Languages:

Antimicrobial resistance in animal production

 

Glossary over Antimicrobial resistance in animal production

Anthropogenic

Originating from the activity of humans. (Source: GreenFacts )

Antibiotics

A class of natural or man-made substances, such as penicillin, that kill or inhibit the growth of some micro-organisms. (Source: GreenFacts, based on CoRIS, Glossary  )

More...

Antimicrobial

An antimicrobial is a chemical substance which, at low concentrations, exerts an action against micro-organisms and destroys them or inhibits their growth.

Examples of antimicrobials targeting bacteria include antibiotics that act against infections in humans or animals and biocides such as disinfectants and preservatives. (Source: GreenFacts)

Aquaculture

Breeding and rearing of fish, shellfish, or plants in ponds, enclosures, or other forms of confinement in fresh or marine waters for the direct harvest of the product. (Source: MA   Glossary )

Bacteria

Bacteria are a major group of micro-organisms that live in soil, water, plants, organic matter, or the bodies of animals or people. They are microscopic and mostly unicellular, with a relatively simple cell structure.

Some bacteria cause diseases such as tetanus, typhoid fever, pneumonia, syphilis, cholera, and tuberculosis.

Bacteria play a role in the decomposition of organic matter and other chemical processes. (Source: GreenFacts)

More...

Bacterial resistance

Bacterial resistance is the capacity of bacteria to withstand the effects of antibiotics or biocides that are intended to kill or control them. (Source: GreenFacts, based on the  SCENIHR opinion on Antibiotic Resistance Effects of Biocides )

More...

Bioaccumulation

Bioaccumulation is used to describe the increase in concentration of a substance in an organism over time.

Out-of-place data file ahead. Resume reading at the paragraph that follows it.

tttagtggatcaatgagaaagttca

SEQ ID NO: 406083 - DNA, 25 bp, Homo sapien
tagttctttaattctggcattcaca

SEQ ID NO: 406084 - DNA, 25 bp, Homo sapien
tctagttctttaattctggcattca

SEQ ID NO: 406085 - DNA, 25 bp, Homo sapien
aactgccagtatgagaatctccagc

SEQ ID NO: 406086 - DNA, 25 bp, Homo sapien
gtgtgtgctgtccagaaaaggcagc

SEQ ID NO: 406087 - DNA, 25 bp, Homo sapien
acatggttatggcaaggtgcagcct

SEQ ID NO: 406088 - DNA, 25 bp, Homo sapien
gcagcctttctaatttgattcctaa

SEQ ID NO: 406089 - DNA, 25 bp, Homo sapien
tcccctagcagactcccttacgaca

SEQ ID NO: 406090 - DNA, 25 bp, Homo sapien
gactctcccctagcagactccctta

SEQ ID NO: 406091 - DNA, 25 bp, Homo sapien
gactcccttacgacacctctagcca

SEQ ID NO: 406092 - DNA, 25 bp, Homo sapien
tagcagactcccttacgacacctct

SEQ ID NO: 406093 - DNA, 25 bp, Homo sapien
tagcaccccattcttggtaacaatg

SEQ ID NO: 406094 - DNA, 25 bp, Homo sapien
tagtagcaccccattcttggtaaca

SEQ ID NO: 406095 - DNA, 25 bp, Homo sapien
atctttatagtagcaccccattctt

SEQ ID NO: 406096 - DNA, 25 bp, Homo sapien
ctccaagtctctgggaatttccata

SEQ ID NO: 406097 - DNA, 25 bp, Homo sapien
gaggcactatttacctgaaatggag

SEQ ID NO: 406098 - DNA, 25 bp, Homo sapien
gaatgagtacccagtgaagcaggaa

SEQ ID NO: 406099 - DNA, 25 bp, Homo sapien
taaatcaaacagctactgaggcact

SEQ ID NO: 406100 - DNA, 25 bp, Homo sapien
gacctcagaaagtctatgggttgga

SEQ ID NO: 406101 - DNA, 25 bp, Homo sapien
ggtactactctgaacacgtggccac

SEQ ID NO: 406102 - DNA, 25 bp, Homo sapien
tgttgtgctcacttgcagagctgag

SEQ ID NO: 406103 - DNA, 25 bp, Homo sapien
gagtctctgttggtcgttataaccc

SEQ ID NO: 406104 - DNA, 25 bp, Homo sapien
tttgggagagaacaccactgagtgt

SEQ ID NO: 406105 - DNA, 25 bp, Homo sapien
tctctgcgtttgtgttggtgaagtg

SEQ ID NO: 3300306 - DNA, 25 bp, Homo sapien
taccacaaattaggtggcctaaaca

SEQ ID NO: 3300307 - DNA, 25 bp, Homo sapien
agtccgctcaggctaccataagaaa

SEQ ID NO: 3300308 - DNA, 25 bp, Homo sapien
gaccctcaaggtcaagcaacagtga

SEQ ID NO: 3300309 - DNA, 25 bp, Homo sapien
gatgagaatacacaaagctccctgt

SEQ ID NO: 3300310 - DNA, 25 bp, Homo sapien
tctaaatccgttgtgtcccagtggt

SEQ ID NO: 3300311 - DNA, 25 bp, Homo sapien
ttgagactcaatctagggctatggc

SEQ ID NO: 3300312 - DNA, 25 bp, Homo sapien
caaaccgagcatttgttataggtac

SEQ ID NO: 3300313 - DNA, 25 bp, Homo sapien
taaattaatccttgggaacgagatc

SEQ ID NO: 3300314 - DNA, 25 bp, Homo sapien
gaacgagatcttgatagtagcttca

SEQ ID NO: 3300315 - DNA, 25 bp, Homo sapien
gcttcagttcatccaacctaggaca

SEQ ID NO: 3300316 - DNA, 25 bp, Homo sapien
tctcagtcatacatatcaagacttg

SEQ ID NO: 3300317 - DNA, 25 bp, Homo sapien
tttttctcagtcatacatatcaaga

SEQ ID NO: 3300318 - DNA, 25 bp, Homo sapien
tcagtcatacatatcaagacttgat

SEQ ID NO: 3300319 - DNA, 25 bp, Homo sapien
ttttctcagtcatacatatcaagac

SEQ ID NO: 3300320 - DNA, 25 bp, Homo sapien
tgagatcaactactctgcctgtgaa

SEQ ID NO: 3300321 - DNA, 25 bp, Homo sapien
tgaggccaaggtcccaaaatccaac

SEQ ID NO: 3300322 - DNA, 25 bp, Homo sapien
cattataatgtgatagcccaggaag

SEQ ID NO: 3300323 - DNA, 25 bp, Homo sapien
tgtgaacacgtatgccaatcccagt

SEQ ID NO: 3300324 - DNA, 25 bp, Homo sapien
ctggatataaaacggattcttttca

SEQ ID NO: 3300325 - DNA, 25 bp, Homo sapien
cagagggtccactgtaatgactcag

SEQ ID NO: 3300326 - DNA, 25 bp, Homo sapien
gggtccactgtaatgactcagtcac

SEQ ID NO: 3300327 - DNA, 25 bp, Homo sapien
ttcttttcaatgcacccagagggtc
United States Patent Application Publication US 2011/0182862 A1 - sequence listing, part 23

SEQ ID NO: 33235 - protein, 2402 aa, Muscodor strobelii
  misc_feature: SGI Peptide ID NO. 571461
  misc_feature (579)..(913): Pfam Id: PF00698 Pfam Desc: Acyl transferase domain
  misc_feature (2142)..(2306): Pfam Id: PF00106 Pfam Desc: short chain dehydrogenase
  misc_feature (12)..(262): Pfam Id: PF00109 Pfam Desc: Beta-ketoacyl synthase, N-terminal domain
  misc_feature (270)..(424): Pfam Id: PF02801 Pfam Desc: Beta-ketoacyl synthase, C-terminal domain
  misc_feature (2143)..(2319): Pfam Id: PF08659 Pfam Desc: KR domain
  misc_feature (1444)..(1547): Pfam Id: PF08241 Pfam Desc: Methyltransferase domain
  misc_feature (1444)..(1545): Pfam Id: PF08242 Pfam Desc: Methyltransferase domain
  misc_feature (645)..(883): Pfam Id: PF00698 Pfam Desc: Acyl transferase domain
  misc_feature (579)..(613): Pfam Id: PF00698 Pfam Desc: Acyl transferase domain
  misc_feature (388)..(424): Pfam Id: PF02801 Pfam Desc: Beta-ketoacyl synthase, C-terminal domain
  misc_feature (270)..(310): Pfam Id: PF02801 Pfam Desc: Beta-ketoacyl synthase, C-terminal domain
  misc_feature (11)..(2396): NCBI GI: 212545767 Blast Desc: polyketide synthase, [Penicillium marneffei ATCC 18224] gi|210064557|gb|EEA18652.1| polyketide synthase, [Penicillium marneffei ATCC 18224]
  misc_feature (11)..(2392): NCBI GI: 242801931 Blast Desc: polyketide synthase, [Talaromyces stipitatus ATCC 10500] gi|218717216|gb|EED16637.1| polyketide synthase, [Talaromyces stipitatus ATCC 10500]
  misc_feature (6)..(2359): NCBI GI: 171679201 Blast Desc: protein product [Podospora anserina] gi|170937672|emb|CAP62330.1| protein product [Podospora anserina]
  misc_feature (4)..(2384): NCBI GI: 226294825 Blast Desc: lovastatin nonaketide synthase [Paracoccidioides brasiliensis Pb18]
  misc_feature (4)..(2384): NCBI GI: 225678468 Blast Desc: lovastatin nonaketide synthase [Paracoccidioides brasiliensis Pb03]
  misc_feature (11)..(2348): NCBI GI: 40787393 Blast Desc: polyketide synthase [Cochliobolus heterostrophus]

Bioaccumulative substances tend to be fat soluble and not to be broken down by the organism. (Source: GreenFacts )

More...

Biocide(s)

According to the Biocides Directive (98/8/EC), biocidal products are those that are intended to destroy, render harmless, prevent the action of, or otherwise exert a controlling effect on any harmful organism by chemical or biological means. Examples include disinfectants, preservatives, antiseptics, pesticides, herbicides, fungicides and insecticides.

Biocidal products mentioned in the Biocides Directive are listed in the following table: (Source: GreenFacts, based on the Biocides Directive (98/8/EC)  )

More...

Concentration

The amount of a chemical or substance present in a particular quantity of soil, water, air, food, blood, hair, urine, breath, or any other media. (Source: GreenFacts)

More...

Contaminant(s)

A substance that is either present in an environment where it does not belong or is present at levels that might cause harmful effects to humans or the environment. (Source: GreenFacts)

Degradation of ecosystems

A persistent reduction in the capacity to provide ecosystem services. (Source: MA  Glossary )

More...

Developmental effects

Effects in the developing offspring due to exposure before conception (either parent), prenatally, or postnatally to the time of sexual maturation. Developmental effects may be expressed at any time in the life span of the organism. Developmental effects are a subset of reproductive effects. (Source: CSIRO CSIRO biological effects and safety of EMR Glossary  )

Disinfectant(s)

A chemical or physical process that kills or inactivates microorganisms such as bacteria, viruses, and protozoa. (Source: US EPA US EPA Drinking Water Glossary  )

More...

Drug resistance

Drug resistance occurs when a cell or bacteria becomes less sensitive to a specific drug. The clinical consequence of this is the decreased effectiveness of that drug to cure a disease or to improve a patient's symptoms.

Respiratory infections, HIV/AIDS, diarrhoeal diseases, tuberculosis and malaria are the leading killers among the infectious diseases. In recent years, all of these diseases have become resistant to first-line drugs. (Source: GreenFacts )